• Laura Dwyer
    Laura Dwyer

As the manager for DuPont’s Building Knowledge Center, it’s Laura Dwyer’s job to have a good handle on where the building industry is moving, and, in her opinion, that’s straight toward sustainability. “I am a passionate believer that we do need to build more sustainable construction,” she says. “Change is coming.”

And while Dwyer feels DuPont’s building envelope systems and solid surface solutions have a lot to offer to the green building industry, she is the first to admit that the manufacturer’s efforts are just part of a much bigger equation. “As much as I love my products and as much I feel like they are an official part of a solution for sustainable structures moving forward, we know we can’t solve this alone,” she says.

Dwyer sees three key critical components—education, collaboration, and innovation—that will need to come together if we want to reach a more sustainable future.

Echoing the thoughts of many Vision 2020 research contributors, Dwyer feels education is the most critical part of the equation. “It’s great to get thought leaders together, but sometimes we are talking to ourselves,” she says. “We need to focus on how we get that into the hands of the users.”

One of the key challenges, she says, is teaching builders and homeowners the proper way to use products that are available today. “There are some great products in the marketplace today that if they were just used properly ... we could actually move a long way toward building more sustainable structures,” she says. “Don’t put PV on your house until you can actually make it tighter so that you are conserving the energy that you are using. Once you can conserve that energy, then figure out how you can reduce demand even further. I am very passionate around how do we help the industry understand that.”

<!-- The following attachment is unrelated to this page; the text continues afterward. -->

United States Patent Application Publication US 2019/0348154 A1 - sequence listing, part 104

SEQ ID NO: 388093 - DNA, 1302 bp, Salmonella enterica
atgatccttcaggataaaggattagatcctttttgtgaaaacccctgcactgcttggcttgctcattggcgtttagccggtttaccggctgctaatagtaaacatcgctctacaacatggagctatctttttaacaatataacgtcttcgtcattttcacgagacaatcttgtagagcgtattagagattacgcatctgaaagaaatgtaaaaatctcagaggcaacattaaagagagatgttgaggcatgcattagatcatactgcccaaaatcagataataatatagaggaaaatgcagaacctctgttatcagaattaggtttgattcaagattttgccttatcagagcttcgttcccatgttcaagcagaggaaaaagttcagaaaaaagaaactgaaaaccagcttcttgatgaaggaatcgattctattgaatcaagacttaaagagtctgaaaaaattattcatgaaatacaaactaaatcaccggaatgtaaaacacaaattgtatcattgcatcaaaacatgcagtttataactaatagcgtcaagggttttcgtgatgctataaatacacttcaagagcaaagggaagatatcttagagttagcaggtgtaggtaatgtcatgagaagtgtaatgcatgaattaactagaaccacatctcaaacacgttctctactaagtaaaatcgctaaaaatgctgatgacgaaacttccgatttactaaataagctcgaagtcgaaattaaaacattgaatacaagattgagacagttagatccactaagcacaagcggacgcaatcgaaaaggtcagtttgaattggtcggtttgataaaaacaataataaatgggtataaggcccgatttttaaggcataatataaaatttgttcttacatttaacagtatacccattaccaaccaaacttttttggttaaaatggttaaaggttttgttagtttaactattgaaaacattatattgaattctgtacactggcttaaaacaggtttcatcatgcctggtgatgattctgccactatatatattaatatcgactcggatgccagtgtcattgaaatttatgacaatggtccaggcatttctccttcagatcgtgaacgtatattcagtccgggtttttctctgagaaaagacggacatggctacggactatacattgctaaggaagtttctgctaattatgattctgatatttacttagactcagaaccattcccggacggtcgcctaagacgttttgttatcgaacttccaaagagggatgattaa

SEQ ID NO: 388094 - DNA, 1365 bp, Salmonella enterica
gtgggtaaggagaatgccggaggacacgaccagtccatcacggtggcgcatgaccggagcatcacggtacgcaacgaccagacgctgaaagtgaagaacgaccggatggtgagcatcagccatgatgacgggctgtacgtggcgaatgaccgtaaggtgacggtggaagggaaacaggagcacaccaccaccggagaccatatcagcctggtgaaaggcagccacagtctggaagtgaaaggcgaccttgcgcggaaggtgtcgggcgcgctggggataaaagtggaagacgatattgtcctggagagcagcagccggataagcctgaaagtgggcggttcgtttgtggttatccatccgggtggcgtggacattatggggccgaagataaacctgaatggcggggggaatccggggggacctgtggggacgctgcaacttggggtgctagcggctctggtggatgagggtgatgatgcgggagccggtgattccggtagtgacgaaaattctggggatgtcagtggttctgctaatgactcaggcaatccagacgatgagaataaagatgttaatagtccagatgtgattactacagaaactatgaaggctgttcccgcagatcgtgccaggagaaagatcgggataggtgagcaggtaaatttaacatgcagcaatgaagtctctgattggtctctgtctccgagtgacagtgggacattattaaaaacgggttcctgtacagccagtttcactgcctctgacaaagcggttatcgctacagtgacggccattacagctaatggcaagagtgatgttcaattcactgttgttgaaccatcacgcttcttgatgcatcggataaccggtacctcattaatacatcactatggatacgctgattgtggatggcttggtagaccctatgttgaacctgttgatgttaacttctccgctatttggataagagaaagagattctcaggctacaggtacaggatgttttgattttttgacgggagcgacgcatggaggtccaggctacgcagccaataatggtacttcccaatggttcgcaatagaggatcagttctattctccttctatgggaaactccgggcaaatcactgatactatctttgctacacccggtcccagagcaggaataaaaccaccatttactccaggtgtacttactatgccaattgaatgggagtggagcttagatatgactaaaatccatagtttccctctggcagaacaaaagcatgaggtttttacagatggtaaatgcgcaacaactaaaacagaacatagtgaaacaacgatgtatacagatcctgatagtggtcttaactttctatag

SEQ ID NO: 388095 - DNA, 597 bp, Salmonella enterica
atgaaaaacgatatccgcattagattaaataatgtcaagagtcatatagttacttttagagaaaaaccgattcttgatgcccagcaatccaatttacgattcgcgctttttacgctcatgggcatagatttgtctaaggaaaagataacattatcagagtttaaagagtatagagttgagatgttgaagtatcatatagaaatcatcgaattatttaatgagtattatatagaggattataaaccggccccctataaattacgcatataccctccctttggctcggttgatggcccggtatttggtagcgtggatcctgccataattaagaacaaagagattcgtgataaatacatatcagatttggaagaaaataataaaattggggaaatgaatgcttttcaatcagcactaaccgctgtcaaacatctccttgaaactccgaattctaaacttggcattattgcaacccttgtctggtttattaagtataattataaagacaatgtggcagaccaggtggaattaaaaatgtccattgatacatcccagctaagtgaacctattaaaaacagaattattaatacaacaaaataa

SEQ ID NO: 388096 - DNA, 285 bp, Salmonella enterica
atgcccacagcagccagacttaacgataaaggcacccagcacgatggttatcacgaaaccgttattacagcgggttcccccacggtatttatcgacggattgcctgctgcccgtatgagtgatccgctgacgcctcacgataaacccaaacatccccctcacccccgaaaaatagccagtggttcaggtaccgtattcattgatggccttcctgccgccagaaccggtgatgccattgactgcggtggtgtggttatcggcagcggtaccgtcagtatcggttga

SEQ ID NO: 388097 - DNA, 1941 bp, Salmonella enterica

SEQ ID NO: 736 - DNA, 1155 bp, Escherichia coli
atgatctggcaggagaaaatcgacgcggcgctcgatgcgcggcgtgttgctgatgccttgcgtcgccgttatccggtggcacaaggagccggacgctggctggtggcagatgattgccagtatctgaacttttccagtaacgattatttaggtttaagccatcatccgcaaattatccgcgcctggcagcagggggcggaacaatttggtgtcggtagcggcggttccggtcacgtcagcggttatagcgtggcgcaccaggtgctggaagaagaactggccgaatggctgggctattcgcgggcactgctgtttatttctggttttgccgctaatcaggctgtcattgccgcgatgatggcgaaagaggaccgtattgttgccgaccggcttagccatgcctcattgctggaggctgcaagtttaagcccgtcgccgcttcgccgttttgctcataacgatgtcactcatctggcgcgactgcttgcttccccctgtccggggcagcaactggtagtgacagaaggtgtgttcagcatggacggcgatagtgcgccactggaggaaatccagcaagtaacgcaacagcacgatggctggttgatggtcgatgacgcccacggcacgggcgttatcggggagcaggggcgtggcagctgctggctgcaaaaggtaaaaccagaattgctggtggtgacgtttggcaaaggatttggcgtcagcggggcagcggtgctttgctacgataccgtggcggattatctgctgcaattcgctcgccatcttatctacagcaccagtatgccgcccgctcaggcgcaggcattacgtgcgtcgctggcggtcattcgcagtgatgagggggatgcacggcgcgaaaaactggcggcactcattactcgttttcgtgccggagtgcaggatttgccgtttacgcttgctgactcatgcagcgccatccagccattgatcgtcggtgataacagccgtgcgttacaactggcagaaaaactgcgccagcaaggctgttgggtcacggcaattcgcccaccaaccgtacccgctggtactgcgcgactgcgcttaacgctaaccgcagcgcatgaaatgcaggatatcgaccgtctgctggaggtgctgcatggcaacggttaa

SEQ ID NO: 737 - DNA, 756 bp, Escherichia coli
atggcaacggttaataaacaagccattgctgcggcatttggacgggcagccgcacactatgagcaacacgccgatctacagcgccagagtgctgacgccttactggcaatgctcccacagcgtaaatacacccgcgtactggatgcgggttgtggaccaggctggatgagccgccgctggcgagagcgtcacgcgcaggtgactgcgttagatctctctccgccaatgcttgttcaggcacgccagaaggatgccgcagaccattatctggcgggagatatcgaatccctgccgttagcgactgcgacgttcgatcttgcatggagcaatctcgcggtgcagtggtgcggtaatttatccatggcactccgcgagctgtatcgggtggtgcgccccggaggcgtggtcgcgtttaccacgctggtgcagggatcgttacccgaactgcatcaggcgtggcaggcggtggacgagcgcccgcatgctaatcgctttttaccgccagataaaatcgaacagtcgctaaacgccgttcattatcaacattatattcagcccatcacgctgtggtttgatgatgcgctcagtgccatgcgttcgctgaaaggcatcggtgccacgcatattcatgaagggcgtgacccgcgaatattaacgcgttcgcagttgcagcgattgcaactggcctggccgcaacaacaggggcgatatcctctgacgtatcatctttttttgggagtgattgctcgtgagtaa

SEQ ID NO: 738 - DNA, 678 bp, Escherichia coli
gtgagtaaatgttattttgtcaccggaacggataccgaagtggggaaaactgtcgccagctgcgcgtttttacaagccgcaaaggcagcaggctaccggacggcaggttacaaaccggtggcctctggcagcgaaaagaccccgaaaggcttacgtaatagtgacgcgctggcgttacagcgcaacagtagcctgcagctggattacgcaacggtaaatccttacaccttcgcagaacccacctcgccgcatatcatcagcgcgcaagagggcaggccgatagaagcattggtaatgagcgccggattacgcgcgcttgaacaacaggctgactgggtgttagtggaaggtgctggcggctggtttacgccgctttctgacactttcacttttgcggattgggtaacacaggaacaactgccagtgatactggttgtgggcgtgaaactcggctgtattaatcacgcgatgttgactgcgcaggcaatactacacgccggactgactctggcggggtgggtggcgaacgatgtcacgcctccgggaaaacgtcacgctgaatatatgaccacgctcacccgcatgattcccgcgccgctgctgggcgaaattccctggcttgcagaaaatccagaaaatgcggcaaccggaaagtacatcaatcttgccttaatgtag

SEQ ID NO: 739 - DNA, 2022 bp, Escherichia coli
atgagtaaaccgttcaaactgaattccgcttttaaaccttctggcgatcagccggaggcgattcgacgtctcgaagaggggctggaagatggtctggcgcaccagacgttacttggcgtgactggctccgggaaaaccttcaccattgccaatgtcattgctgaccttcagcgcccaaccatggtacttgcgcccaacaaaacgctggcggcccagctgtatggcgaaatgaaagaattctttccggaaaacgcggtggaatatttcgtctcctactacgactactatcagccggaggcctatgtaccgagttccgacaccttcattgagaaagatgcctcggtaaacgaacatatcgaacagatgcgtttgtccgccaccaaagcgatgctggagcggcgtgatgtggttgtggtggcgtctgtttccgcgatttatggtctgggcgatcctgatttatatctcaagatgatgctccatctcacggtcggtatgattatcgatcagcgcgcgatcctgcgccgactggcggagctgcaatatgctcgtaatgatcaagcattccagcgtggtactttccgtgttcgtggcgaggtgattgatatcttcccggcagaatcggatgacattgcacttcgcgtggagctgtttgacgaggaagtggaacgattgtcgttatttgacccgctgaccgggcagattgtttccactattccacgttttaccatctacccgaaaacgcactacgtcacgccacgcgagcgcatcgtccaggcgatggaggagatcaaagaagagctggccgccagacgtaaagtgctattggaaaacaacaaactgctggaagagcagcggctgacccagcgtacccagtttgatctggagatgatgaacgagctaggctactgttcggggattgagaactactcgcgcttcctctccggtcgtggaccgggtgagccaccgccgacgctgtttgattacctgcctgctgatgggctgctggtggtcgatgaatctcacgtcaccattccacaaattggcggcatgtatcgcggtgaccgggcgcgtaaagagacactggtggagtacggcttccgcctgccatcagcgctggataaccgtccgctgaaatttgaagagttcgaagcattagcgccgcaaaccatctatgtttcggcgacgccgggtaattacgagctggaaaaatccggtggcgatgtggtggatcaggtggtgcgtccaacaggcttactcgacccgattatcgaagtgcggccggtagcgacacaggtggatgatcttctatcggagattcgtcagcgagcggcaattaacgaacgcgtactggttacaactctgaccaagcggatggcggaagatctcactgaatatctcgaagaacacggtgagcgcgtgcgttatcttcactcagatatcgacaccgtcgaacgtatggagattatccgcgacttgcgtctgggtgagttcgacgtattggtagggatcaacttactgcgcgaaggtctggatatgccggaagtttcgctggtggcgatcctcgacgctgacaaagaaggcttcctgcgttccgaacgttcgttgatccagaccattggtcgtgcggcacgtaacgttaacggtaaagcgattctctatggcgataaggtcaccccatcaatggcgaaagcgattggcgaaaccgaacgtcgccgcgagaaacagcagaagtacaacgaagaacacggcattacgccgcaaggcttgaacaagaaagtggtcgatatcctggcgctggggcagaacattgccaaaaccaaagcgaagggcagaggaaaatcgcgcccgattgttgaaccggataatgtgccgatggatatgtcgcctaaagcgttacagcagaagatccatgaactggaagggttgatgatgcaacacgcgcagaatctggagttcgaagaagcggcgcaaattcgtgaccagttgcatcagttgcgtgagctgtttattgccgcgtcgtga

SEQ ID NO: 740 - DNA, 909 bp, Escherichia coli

That’s exactly why Dwyer is serving on the board of the Energy & Environmental Building Alliance (EEBA), a leading resource for information and education for sustainable building. By collaborating with organizations like EEBA, Dwyer believes that DuPont, as well as other manufacturers, can rally around sustainable construction in a way that is very productive. That’s also why DuPont decided to be a part of Vision 2020.

“The reality is we need to be doing these together,” Dwyer says. “All of these things need to happen now and into the future, but the collaboration—the purpose of Vision 2020—is so key because you bring together great thought leaders to say what is it we need to know and how can we get that message into the marketplace.”

The last component, Dwyer says, is innovation. She believes that will require research initiatives like DOE’s Building America program, but more important, it will require manufacturers and builders to evolve beyond what we already know today. “The reality is that houses have been built the way houses have been built for a really long time,” Dwyer says. “I think there is some good opportunity overall to figure out ways to build differently so that the solutions make our houses sustainable and energy efficient, and improve indoor air quality. Ultimately, wall design may change, and we will evolve with that.”

For builders, innovation also means building above code. Codes will continue to get more stringent, and they will catch up. But in order to lead codes in that direction, Dwyer feels the construction industry needs to reach beyond codes and be much more aspirational.

“The key challenges we have today are understanding how it works and doing it properly,” Dwyer says. “Then over time, innovating in the space and collaborating with like-minded folks to deliver above and beyond where code is driving us so that we truly are creating the most sustainable structures that we can.”